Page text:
Rolls-Royce Motor Cars Gold Coast in Chicago discovered a way to transform a $320,500 car into an $800,000 car, while doing it all for a good cause. The company auctioned off a Rolls-Royce Wraith with a custom paintjob by Art J. Williams, Jr. for Chicago charities, which brought in nearly $800,000.

The dealership carefully decided who would be best in selecting their artists and ultimately chose Williams who happens to know a thing or two regarding additional value. Williams claimed his fame by starting out as a ‘counterfeiter’, who would reproduce the “unreplicable” $100 bill that the U.S. Treasury began issuing in 1996. Estimates claim that Williams printed nearly $10 million in false notes, but Secret Service ultimately caught him. Williams faced six and a half years in federal prison, in which he began creating legitimate art.

Williams expressed his personal story in vignettes throughout the Wraith. One example of this is the rear side panel of the car, which portrays the scales of justice. On the scales of justice, there is money on one scale and on the other scale are handcuffs that weigh down the scale. Benjamin Franklin’s portrait from the $100 bill is present along the side, in which Williams depicts him wearing a gas mask that provides a buffer from a cloud of paint fumes and money. The portrait represents the toxic aspects in his past. The front of the car is decorated with the Rolls-Royce Spirit of Ecstasy logo that symbolizes a future of freedom.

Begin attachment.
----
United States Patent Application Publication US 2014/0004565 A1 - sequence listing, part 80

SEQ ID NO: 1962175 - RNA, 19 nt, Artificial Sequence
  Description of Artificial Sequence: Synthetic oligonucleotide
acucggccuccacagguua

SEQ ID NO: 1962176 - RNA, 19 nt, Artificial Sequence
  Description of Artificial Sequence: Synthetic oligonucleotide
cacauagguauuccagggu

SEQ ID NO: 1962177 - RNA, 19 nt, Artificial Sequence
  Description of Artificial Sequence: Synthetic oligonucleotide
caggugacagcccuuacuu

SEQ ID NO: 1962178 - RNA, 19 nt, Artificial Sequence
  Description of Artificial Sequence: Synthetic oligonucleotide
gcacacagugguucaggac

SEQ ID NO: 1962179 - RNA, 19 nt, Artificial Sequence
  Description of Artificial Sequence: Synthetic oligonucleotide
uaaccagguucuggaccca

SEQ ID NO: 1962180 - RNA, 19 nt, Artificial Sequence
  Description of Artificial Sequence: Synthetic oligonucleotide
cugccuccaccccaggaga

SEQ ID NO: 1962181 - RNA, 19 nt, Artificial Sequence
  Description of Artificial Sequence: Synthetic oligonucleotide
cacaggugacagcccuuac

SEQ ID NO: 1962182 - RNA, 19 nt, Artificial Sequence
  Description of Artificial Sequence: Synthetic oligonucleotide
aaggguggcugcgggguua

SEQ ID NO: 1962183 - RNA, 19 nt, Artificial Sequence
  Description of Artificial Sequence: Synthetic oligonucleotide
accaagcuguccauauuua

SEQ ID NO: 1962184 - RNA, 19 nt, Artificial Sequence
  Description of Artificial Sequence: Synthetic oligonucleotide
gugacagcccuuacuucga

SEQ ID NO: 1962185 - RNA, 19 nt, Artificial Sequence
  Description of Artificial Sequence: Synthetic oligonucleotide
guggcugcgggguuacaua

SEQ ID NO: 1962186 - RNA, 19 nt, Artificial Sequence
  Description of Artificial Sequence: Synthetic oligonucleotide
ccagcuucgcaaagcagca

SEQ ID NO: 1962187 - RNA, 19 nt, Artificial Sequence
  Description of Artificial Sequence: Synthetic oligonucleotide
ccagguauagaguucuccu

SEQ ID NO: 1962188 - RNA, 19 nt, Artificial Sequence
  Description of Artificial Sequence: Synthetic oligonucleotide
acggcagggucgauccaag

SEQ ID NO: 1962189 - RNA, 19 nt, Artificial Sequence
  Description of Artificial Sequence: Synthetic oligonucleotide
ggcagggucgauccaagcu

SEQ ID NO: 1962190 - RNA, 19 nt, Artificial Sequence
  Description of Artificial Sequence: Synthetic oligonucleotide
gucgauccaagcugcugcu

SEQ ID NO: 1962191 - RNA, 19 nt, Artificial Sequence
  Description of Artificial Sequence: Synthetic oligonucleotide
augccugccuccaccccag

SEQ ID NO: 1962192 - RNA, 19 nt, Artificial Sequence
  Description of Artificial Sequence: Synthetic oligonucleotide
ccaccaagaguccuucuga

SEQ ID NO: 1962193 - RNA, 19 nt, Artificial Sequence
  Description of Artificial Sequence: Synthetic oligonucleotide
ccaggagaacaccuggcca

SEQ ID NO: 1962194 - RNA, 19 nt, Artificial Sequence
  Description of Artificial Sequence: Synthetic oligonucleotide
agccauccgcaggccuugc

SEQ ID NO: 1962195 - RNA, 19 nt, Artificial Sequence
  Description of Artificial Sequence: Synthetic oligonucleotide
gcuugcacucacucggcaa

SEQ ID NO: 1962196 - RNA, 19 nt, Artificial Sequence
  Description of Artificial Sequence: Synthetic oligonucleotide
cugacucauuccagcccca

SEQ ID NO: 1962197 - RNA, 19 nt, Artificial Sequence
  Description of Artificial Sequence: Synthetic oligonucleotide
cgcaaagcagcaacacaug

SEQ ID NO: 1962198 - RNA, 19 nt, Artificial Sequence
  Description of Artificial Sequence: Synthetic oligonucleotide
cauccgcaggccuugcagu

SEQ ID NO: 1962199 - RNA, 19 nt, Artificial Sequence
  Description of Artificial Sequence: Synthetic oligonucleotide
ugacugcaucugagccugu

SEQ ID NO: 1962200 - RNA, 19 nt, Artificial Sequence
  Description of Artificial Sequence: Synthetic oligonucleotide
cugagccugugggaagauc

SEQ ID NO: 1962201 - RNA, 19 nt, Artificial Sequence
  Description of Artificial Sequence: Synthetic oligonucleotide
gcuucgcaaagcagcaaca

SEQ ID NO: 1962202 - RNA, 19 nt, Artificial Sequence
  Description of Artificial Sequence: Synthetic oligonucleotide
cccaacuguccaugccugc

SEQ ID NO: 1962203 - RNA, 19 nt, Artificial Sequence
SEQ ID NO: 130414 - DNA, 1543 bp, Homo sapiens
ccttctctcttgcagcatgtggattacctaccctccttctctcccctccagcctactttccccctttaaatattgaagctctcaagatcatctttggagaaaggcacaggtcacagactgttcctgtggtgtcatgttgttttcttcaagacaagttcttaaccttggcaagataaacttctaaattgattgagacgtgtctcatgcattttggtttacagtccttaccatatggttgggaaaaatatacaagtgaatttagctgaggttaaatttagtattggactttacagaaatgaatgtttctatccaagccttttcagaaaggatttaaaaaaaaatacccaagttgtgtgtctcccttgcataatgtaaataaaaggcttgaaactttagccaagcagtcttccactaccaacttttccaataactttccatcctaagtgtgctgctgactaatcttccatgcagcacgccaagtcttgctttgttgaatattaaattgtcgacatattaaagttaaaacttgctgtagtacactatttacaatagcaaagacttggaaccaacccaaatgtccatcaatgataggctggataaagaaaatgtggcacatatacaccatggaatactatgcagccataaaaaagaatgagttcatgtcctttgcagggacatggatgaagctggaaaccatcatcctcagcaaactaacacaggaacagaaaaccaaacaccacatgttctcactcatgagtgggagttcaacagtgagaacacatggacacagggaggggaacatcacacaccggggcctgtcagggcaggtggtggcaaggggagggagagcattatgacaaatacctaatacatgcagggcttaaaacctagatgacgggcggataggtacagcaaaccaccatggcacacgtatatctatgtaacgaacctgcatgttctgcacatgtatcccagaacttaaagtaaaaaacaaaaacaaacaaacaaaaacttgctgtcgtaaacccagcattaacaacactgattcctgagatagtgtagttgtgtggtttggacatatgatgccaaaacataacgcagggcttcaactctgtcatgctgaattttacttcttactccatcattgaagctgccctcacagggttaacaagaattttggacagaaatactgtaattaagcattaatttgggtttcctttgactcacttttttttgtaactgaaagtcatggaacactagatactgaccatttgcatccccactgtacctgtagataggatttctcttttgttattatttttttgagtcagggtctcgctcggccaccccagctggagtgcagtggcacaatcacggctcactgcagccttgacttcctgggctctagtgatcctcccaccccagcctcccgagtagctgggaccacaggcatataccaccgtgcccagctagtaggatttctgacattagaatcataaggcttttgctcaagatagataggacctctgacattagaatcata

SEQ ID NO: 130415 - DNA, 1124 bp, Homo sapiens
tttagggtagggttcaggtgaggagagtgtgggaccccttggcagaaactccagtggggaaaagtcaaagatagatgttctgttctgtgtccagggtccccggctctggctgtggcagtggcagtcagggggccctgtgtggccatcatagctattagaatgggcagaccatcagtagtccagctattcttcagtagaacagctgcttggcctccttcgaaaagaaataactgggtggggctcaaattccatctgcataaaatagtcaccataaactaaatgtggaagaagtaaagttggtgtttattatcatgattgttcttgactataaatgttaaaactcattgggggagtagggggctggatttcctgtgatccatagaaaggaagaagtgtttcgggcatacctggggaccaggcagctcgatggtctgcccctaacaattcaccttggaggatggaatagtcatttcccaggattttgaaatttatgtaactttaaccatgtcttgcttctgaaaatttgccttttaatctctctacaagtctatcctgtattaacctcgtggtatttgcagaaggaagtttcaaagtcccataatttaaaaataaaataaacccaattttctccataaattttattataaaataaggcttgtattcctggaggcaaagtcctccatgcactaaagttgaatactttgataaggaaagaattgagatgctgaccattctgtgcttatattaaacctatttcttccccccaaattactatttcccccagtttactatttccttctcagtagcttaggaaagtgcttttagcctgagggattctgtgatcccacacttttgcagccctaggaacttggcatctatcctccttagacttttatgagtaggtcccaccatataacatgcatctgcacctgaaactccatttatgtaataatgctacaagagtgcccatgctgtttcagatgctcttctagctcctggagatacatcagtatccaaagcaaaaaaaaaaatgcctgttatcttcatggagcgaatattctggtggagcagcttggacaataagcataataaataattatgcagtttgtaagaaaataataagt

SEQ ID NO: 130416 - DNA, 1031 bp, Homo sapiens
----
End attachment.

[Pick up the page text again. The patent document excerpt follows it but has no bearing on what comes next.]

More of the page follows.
During the auction, the car was quite popular and according to Robb Report, “clearly the headliner.” The combined lots and the car generated $1.5 million in sales. The money from the auction will be donated towards three local Chicago charities including the  Common Ground Foundation, After-School All-Stars, and Replace Guns with Hammers. All three charities focus on helping children and young people steer away from poor choices and into more constructive achievements.

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